Bitcoin briefly scaled $47 000 in a muted reaction after the US Securities and Exchange Commission approved exchange-traded funds that invest directly in the token, as traders wait to see how much money the products garner.
The largest cryptocurrency was steady at $46 060 as of 7:48 a.m. Thursday in London after paring the earlier climb. Some view the SEC decision as a landmark step that widens the investor base for digital assets. Bitcoin had already jumped over 160% in the past 12 months in anticipation of the ETFs as well as looser monetary policy.
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Read the SEC’s full statement here.
Other major cryptocurrencies were mixed. Ether, the second biggest token, stood out with a 9% advance in the past 24 hours to $2 587 on bets that it will be the focus of the next wave of spot crypto ETF products in the US.
Market watchers had wondered whether Bitcoin was ripe for a pullback from the actual green light for spot ETFs if speculators decide to bank some of the profits from the token’s months-long advance.
The news had largely been “priced in” and inflows into the ETFs will now be closely watched, said Caroline Mauron, co-founder of digital-asset derivatives liquidity provider Orbit Markets.
The SEC authorized funds from asset management heavyweights BlackRock, Invesco and Fidelity as well as products from smaller competitors such as Valkyrie to begin trading Thursday.
“Most of the money immediately moving into Bitcoin ETFs will be reallocations from other Bitcoin exposure,” said Leo Mizuhara, founder of DeFi institutional asset manager Hashnote. “It will take time for new money to flow into Bitcoin via the new ETFs.”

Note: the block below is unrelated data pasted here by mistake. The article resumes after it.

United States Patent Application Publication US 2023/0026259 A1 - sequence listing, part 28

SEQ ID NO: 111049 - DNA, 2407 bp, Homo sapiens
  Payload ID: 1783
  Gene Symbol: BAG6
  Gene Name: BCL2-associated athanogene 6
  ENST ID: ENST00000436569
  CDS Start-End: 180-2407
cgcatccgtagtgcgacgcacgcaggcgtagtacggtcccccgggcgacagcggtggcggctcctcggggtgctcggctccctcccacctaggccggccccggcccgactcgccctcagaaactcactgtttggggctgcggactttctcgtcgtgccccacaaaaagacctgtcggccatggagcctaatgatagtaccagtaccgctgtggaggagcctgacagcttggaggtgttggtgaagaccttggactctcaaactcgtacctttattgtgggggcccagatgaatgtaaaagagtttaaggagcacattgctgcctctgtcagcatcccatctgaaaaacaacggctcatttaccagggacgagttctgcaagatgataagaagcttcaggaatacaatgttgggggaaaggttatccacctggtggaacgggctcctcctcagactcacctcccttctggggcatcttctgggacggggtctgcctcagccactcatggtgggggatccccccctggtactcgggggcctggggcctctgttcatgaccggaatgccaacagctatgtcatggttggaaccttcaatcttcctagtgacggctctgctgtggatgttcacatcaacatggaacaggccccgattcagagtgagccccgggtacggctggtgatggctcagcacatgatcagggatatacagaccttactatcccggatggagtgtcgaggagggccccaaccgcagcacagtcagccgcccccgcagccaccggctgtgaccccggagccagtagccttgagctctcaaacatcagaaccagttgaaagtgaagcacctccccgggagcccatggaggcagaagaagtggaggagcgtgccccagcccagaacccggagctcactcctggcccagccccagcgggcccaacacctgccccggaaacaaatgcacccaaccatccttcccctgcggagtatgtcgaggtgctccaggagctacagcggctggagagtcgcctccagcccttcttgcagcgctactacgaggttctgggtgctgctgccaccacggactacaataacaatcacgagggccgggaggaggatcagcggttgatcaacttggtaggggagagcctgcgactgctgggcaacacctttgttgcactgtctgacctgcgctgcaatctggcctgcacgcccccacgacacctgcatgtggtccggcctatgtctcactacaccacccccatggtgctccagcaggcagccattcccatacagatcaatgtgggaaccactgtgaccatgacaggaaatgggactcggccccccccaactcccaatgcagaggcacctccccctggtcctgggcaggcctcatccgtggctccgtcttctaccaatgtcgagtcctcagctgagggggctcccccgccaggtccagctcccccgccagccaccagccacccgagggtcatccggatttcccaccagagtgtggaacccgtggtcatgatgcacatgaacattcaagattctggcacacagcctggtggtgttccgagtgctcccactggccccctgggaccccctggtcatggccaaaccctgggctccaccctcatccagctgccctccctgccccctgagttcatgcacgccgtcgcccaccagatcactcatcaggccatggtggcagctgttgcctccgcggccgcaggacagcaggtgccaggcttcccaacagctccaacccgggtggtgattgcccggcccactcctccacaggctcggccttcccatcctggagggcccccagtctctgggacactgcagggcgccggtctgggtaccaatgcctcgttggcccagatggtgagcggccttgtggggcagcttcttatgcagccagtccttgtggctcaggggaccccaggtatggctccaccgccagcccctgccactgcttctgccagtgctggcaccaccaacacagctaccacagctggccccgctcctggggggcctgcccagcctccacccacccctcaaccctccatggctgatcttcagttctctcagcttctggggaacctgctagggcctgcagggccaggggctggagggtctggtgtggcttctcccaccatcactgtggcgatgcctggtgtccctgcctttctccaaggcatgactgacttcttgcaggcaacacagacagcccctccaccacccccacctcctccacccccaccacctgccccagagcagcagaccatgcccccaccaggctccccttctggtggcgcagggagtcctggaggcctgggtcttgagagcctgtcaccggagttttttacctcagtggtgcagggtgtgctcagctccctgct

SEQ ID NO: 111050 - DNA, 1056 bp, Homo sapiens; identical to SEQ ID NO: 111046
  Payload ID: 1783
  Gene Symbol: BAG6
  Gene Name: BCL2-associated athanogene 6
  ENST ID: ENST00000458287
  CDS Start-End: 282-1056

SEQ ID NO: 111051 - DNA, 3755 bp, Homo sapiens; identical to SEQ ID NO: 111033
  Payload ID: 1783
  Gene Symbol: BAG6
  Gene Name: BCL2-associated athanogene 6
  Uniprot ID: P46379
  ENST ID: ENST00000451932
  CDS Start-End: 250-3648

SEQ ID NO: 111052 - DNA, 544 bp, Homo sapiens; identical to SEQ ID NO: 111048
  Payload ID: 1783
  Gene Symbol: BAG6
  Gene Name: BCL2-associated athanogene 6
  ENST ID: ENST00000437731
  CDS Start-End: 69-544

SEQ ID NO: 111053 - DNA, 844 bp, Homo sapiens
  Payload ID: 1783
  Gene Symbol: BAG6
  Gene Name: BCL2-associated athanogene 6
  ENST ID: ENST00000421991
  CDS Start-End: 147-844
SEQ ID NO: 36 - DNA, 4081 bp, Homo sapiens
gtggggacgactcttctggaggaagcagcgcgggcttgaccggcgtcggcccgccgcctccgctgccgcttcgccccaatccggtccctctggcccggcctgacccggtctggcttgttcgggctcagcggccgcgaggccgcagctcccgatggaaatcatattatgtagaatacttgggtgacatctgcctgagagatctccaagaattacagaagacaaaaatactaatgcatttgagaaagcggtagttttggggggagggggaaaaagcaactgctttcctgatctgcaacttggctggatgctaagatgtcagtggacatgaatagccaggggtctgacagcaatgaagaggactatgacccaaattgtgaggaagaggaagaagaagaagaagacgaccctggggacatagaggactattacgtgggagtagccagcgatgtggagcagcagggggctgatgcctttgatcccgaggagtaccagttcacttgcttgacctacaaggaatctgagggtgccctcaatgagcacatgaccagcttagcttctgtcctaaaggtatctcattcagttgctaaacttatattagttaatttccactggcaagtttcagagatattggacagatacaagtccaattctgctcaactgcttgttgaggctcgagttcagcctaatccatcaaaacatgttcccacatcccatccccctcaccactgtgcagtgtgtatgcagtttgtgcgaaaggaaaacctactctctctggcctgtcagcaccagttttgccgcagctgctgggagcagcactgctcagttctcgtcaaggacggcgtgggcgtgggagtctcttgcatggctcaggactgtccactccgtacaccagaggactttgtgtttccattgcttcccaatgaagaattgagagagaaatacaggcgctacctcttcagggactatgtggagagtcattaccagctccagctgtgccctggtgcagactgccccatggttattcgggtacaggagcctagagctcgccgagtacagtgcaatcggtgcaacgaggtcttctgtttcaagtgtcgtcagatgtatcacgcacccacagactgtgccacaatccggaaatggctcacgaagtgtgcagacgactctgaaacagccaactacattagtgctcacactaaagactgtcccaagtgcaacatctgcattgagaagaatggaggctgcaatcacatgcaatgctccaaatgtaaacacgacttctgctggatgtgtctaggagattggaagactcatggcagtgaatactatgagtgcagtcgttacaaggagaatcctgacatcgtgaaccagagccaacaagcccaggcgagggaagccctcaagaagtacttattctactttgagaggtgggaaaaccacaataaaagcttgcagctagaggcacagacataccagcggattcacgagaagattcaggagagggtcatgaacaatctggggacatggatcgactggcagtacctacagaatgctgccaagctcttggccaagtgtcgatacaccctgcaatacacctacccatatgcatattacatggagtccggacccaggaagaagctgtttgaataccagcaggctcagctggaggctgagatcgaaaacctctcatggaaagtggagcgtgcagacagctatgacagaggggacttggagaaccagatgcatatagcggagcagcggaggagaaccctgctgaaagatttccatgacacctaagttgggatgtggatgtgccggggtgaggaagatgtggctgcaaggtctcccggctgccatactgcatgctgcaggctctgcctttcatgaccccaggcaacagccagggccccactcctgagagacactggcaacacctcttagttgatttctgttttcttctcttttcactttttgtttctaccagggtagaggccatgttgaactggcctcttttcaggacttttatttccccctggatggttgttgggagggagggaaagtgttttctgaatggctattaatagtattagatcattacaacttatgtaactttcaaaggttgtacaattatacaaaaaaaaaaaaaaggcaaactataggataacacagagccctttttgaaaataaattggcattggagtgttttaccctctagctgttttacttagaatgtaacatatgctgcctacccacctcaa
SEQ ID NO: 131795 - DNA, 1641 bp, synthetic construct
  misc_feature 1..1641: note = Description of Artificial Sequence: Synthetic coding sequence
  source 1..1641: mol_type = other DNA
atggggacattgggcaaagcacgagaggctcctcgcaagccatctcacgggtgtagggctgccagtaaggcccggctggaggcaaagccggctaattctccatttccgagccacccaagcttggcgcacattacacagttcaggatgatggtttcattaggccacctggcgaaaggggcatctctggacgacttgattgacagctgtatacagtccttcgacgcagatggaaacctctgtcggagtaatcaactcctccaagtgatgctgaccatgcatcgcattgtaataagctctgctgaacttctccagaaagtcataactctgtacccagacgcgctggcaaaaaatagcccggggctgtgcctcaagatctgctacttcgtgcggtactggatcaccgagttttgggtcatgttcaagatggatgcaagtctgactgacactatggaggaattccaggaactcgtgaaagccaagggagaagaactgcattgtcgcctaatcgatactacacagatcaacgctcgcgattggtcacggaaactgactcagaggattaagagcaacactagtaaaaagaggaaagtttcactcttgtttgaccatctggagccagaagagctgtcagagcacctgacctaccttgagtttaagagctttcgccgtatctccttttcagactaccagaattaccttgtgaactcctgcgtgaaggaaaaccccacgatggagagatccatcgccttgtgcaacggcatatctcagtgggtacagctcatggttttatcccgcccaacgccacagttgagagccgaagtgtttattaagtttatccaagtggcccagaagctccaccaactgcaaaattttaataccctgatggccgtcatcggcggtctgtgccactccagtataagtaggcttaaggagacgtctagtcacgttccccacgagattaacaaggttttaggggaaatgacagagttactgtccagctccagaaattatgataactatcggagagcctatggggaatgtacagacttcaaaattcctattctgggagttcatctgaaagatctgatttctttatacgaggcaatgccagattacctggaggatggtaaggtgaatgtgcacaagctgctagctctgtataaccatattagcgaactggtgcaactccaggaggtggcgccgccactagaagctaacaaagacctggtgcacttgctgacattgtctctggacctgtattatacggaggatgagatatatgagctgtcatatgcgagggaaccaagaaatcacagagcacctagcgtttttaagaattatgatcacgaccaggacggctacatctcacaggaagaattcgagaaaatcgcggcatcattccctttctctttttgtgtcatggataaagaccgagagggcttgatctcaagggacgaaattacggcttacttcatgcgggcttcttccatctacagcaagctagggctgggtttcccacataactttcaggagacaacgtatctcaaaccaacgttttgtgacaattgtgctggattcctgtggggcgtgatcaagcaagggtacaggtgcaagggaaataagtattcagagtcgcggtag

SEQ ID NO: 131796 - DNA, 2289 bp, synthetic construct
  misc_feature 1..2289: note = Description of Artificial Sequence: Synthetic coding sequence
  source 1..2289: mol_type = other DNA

The SEC had opposed spot Bitcoin ETFs for more than a decade, while the crypto sector as a whole has faced withering criticism from the agency’s Chair Gary Gensler. He has repeatedly argued that the industry is rife with fraud and misconduct. The SEC cracked down on digital assets following a 2022 rout and collapses such as the bankruptcy of Sam Bankman-Fried’s FTX exchange.
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But the SEC last year lost a key legal fight against asset manager Grayscale Investments, spurring speculation that the regulator would acquiesce to the spot ETFs. The digital-asset investment house is now converting the $29 billion Grayscale Bitcoin Trust, the largest fund investing in the token, into an ETF.
“While we approved the listing and trading of certain spot Bitcoin ETP shares today, we did not approve or endorse Bitcoin,” Gensler said in a statement. “Investors should remain cautious about the myriad risks associated with Bitcoin and products whose value is tied to crypto.”
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Crypto supporters have offered various arguments in support of Bitcoin, all hotly contested. These include the claim that it is an inflation hedge and store of value — a kind of digital gold — that can bolster the risk-adjusted performance of diversified portfolios.
The fact that the US has allowed spot Bitcoin ETFs is “an important moment in the brief history of crypto, where crypto goes from a niche investment to a mainstream investment,” said Campbell Harvey, a finance professor at Duke University. “Many investors will seek to diversify their portfolios by adding some crypto exposure through these ETFs,” he said.
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